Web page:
“There were some long-distance skirmishes, but during that time we were not in a war,” Shazly recalled. He probably knew his unit had little chance of retreating on its own across rugged deserts and through Israeli lines. For once the bold general took the cautious choice.
Not until two days later, on the evening of 7 June, did Cairo headquarters contact him. Stunned by his survival, and presence inside Israel, they ordered him to withdraw immediately. His force was one of the few units still surviving, and its escape was essential.
Shazly agreed to pull back, but waited for cover of darkness to move. Overnight, his tanks and commandos moved 60 miles across the pitch-black Sinai wilderness, across eerily empty roads.
As dawn broke, Israeli aircraft spotted his column and made low-level passes, pummeling them with bombs, rockets and cannon fire. Lacking specialized antiaircraft weapons, Shazly’s column fired on the Israeli jets with the only weapons they had, machine guns and small arms. Over 100 Egyptians were killed, but the column drove on, and the Israelis went off in search of easier targets.
Shazly’s staff had no idea where the Israelis were, and only through sheer luck did they avoid running into enemy tanks.
They reached the Suez Canal by dusk on 8 June, nearly 24 hours after setting out. The only bridge across the canal was still in Egyptian hands. Bloodied but largely intact, Shazly’s men crossed into mainland Egypt and safety. It was one of the last units to escape the Sinai desert, and seemed to be the only one that avoided any real combat.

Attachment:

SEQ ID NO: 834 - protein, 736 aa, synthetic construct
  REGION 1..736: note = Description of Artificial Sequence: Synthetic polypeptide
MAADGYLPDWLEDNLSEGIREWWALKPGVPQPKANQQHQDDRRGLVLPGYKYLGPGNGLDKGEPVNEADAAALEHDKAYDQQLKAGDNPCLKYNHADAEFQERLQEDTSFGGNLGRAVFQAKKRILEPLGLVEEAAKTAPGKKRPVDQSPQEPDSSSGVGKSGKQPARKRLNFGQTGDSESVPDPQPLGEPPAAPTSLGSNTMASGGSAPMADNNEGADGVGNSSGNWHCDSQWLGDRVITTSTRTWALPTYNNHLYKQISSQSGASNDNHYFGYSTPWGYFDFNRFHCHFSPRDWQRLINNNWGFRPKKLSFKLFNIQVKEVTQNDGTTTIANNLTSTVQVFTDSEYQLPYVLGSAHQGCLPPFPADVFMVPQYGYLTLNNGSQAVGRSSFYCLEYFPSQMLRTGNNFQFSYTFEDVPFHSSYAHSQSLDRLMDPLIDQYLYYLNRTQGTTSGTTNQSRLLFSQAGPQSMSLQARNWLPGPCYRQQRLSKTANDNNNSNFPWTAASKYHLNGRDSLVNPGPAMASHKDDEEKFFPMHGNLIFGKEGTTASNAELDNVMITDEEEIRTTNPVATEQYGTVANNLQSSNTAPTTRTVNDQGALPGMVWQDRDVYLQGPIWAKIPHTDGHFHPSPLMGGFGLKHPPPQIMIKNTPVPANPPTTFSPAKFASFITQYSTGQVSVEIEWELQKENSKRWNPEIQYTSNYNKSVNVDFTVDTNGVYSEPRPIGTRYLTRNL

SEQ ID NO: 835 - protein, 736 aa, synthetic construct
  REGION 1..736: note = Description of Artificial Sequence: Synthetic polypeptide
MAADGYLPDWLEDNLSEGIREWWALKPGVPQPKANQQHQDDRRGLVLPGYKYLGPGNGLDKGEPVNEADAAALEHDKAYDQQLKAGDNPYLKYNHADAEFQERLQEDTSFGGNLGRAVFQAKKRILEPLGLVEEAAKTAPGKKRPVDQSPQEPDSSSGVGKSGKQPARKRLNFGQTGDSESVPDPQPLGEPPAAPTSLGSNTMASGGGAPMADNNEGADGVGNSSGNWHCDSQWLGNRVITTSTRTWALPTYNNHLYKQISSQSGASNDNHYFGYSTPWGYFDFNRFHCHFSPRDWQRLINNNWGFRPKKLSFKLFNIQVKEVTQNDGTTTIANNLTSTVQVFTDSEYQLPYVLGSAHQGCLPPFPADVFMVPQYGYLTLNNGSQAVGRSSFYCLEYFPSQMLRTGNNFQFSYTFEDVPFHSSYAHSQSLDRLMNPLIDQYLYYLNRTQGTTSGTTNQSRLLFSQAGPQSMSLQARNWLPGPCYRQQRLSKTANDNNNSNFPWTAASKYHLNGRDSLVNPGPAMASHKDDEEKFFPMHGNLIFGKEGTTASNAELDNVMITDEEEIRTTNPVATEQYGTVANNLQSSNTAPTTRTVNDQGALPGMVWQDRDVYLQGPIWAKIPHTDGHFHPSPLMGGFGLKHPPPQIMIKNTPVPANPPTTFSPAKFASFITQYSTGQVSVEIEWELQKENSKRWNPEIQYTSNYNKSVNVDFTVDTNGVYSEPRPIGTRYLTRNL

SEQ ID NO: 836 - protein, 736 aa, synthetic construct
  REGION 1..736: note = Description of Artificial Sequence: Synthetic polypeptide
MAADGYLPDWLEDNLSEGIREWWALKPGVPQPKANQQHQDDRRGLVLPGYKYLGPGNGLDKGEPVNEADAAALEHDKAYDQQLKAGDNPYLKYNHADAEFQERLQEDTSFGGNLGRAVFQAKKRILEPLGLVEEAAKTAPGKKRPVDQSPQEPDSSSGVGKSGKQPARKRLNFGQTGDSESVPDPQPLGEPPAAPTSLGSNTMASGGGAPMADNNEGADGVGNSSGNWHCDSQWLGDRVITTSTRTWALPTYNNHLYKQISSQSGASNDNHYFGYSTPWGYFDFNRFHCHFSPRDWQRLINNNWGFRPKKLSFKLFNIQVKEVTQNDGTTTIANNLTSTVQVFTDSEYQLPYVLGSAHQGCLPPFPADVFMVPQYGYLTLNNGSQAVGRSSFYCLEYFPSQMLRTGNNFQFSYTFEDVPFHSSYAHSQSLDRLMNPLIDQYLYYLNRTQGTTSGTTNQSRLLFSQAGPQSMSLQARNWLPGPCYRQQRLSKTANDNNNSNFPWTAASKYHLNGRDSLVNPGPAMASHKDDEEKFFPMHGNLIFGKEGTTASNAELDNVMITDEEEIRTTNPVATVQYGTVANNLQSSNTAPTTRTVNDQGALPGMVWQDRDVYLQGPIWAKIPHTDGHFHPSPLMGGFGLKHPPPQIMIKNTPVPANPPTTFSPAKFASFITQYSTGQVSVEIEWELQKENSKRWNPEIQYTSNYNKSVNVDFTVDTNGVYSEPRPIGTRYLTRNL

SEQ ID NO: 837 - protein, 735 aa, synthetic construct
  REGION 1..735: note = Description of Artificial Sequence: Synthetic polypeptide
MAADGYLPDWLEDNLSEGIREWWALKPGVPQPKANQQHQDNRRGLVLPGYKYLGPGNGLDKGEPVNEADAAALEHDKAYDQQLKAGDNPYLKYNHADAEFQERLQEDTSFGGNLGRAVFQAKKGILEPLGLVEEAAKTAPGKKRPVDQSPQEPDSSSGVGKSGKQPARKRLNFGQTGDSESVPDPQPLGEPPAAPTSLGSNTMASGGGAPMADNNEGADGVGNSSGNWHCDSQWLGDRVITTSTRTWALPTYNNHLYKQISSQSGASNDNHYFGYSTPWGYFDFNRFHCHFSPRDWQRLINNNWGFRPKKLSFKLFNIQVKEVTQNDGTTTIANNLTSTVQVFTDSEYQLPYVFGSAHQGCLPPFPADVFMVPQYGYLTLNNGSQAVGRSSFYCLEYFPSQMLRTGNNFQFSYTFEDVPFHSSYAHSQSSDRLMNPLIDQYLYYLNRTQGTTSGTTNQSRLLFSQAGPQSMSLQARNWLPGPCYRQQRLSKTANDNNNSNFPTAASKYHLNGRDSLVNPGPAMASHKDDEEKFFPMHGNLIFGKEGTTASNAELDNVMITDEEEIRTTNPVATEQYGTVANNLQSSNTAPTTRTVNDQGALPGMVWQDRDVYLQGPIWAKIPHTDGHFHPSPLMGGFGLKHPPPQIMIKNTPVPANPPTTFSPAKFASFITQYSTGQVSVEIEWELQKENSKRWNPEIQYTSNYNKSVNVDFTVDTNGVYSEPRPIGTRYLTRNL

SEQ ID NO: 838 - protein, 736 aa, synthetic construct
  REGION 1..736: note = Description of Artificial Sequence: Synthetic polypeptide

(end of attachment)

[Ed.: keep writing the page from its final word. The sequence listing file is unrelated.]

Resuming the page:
Shazly’s version of events is disputed by some Western historians, who accuse him of remaining immobile before withdrawing, or even abandoning his command. Egypt’s archives remain a state secret, and the truth may never be known.
Assuming his story is true, the daring choice to “retreat by advancing” spared his men. It also meant he was of the very few Arab generals to ever successfully take and hold territory inside Israel. But it counted for nothing against the catastrophic Egyptian defeat.
In just four days, the Egyptian Army lost 80 percent of its equipment, including at least 530 tanks. By contrast, Israel lost only 61 tanks. The Sinai was lost; Israel tripled the size of its territory. Determined to avenge defeat, Egypt rearmed and prepared to retake the Sinai.
Could Shazly have done more? His force could have moved deeper into the Negev, perhaps cutting off the southern half of Israel. Alternatively, it could have stayed in place as Israelis bypassed it, becoming a thorn in their rear. Both would have been embarrassing for Israel, but would not have changed the war’s outcome, and probably guaranteed the destruction of the force when Israel’s tanks turned on them.
Shazly was one of the few Egyptian officers who survived the war with his reputation intact. He went on to become Armed Forces Chief of Staff, and prepared the military for its greatest achievement, the October 1973 surprise attack on Israel. But his temper got the better of him, clashing with President Anwar Sadat and blaming him for Egypt’s defeat in that war. Shazly was declared a traitor and fled the country, returning only in 1992.
© 2017 by Christopher Weeks
All photos provided by the author.